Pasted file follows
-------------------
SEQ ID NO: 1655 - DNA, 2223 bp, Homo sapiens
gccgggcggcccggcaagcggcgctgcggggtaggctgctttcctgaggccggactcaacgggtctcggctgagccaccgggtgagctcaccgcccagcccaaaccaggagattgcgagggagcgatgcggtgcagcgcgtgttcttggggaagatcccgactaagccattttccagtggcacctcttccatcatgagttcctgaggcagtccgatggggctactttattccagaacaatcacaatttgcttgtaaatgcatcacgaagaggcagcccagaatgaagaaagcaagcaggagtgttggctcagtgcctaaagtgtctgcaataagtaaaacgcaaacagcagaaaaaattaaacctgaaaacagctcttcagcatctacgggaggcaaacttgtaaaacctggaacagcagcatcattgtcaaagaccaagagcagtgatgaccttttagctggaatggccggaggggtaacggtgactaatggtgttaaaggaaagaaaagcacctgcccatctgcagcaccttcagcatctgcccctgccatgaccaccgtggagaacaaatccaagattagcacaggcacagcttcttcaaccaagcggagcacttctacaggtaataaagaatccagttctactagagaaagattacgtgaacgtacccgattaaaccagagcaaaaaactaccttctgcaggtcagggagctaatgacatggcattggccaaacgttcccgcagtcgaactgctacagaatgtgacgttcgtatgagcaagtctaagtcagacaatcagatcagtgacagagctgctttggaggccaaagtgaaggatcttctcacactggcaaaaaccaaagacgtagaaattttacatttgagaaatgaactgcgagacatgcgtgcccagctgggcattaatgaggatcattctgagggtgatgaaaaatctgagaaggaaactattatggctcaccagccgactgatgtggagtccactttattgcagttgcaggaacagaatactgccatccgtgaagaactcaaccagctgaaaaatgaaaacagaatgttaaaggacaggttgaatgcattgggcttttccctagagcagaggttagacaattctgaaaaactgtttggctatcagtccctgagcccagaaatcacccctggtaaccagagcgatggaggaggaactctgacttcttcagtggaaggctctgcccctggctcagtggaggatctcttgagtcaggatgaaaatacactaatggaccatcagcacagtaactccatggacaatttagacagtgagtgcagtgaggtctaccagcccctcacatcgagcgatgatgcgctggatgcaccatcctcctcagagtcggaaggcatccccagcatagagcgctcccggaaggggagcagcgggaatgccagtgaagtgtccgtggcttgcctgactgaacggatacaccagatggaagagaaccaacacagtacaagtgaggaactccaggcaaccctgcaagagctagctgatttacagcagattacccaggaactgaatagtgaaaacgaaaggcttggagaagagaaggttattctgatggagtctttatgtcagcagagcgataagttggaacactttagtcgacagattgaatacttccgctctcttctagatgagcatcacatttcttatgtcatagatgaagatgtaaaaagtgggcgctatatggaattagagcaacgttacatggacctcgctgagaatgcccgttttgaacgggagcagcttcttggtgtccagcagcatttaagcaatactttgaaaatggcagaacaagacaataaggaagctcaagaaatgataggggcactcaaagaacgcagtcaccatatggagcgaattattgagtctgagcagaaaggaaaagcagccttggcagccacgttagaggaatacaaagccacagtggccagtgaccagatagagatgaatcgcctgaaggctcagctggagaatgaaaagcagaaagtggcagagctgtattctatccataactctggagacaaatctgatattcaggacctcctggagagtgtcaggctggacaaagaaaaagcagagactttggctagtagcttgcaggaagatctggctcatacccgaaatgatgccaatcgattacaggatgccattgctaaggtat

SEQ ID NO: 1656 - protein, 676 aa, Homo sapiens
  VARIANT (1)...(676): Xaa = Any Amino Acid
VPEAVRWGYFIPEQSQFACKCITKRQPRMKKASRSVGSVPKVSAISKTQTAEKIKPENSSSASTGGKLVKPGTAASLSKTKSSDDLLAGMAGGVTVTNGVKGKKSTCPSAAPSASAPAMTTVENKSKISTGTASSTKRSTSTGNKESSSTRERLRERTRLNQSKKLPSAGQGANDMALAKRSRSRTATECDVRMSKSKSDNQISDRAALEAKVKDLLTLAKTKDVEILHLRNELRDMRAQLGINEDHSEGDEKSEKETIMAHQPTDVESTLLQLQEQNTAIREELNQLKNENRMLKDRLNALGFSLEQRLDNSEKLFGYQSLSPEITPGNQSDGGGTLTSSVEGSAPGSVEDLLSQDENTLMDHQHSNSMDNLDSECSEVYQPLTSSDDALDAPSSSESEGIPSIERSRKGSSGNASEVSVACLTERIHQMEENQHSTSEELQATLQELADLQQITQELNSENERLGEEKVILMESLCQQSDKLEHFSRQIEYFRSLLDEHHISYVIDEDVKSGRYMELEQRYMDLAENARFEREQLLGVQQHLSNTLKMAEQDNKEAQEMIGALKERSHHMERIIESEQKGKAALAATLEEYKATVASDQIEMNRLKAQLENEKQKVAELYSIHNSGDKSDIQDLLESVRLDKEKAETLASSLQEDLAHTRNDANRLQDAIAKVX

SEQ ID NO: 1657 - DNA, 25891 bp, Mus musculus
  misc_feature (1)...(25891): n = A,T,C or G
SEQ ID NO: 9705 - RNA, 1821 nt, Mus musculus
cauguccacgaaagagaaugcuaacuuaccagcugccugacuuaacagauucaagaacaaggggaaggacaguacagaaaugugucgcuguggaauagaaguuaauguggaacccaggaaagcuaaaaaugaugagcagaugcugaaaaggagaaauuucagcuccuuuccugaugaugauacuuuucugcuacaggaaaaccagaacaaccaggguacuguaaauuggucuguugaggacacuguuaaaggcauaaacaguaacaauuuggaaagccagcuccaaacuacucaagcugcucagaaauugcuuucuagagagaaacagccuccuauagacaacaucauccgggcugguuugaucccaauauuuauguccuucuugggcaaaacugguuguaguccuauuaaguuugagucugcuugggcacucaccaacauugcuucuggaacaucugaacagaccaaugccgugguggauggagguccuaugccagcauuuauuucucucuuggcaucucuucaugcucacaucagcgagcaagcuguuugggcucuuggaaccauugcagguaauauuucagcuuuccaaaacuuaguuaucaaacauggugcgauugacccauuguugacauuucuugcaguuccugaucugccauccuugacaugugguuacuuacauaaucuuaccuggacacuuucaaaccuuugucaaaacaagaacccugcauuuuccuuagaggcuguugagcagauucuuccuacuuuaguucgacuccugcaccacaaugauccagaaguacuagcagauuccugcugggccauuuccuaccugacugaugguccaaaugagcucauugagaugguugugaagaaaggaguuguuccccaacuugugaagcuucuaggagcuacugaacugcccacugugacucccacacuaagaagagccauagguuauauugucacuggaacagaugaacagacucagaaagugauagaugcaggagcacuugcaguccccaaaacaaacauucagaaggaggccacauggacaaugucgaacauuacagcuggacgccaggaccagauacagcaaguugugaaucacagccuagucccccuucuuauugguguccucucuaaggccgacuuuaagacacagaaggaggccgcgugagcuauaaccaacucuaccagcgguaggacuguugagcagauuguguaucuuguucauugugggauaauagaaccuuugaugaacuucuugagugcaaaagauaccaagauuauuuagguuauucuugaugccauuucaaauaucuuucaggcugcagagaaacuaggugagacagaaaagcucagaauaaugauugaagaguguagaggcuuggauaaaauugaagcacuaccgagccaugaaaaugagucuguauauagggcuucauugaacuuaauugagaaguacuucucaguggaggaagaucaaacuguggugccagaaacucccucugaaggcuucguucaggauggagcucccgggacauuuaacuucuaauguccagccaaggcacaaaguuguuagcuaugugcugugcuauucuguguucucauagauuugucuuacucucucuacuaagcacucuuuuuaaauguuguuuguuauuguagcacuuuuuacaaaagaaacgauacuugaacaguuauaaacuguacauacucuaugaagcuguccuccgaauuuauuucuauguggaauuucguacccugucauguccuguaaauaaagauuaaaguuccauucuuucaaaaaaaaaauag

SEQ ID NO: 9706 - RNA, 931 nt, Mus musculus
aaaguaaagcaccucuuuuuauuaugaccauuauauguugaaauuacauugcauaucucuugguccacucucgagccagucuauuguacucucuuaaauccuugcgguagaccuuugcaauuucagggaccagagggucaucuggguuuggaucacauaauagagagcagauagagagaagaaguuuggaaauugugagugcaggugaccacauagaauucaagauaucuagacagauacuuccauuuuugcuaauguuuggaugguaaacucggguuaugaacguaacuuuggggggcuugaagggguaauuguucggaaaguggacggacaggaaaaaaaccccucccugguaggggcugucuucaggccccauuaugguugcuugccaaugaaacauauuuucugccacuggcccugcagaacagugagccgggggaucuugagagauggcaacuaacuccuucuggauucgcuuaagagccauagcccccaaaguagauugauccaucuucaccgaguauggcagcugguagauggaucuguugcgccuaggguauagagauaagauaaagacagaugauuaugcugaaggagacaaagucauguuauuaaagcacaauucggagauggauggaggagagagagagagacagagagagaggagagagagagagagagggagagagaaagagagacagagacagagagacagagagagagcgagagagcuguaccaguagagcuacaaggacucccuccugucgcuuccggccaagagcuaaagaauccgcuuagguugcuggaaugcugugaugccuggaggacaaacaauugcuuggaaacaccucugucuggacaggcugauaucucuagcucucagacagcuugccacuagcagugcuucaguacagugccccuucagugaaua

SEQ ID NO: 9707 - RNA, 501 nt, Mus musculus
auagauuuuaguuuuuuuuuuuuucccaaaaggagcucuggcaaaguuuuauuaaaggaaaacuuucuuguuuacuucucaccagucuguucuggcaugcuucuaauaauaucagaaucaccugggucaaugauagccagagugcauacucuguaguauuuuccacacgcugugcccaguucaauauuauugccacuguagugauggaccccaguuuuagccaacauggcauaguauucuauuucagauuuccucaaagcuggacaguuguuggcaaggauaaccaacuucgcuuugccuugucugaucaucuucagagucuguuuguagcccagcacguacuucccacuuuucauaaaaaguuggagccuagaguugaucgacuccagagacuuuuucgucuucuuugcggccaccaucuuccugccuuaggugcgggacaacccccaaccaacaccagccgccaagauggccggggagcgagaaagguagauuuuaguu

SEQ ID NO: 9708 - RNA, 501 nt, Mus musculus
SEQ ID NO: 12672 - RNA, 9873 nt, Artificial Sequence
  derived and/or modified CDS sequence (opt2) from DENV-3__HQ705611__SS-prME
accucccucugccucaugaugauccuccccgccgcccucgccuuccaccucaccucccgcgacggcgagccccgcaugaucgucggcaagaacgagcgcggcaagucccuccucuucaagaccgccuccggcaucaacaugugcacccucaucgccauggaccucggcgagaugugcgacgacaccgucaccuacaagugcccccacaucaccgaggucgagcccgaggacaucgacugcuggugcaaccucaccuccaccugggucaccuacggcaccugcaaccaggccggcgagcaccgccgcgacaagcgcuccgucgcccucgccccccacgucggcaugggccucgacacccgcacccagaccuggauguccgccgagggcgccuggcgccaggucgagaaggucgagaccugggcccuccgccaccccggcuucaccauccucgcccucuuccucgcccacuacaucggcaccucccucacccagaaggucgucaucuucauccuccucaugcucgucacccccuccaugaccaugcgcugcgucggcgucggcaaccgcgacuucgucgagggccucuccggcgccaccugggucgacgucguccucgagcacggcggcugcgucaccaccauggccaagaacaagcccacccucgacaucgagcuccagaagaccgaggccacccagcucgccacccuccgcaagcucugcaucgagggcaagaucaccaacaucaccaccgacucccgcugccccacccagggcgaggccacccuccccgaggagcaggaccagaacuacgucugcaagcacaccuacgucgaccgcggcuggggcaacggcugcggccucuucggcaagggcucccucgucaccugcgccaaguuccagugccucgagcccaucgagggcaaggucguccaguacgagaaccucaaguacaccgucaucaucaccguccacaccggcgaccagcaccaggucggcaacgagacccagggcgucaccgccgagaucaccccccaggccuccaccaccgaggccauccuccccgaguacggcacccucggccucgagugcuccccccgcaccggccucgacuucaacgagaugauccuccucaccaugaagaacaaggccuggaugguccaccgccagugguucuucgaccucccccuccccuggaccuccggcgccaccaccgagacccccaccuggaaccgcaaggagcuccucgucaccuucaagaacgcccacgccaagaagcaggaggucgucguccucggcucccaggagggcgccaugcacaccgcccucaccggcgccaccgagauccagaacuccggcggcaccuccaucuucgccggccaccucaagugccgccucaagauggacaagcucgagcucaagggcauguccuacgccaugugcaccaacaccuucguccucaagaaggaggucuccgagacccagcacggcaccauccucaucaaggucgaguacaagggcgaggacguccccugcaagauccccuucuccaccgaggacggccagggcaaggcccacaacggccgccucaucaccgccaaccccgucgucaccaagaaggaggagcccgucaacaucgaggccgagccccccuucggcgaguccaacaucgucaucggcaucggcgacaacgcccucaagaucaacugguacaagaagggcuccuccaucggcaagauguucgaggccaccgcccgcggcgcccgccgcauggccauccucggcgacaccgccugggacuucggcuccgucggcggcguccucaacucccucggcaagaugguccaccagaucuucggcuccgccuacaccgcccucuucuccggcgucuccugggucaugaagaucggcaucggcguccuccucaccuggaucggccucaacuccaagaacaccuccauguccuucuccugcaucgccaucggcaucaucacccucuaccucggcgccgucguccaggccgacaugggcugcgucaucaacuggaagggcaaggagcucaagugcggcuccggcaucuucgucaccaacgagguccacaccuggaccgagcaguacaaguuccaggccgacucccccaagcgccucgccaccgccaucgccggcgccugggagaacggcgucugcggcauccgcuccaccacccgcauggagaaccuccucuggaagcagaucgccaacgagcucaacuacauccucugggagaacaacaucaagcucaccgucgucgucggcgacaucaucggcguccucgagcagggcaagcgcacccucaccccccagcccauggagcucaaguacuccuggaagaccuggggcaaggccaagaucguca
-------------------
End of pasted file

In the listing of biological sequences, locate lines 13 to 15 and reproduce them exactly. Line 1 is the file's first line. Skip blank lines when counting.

auagauuuuaguuuuuuuuuuuuucccaaaaggagcucuggcaaaguuuuauuaaaggaaaacuuucuuguuuacuucucaccagucuguucuggcaugcuucuaauaauaucagaaucaccugggucaaugauagccagagugcauacucuguaguauuuuccacacgcugugcccaguucaauauuauugccacuguagugauggaccccaguuuuagccaacauggcauaguauucuauuucagauuuccucaaagcuggacaguuguuggcaaggauaaccaacuucgcuuugccuugucugaucaucuucagagucuguuuguagcccagcacguacuucccacuuuucauaaaaaguuggagccuagaguugaucgacuccagagacuuuuucgucuucuuugcggccaccaucuuccugccuuaggugcgggacaacccccaaccaacaccagccgccaagauggccggggagcgagaaagguagauuuuaguu

SEQ ID NO: 9708 - RNA, 501 nt, Mus musculus
SEQ ID NO: 12672 - RNA, 9873 nt, Artificial Sequence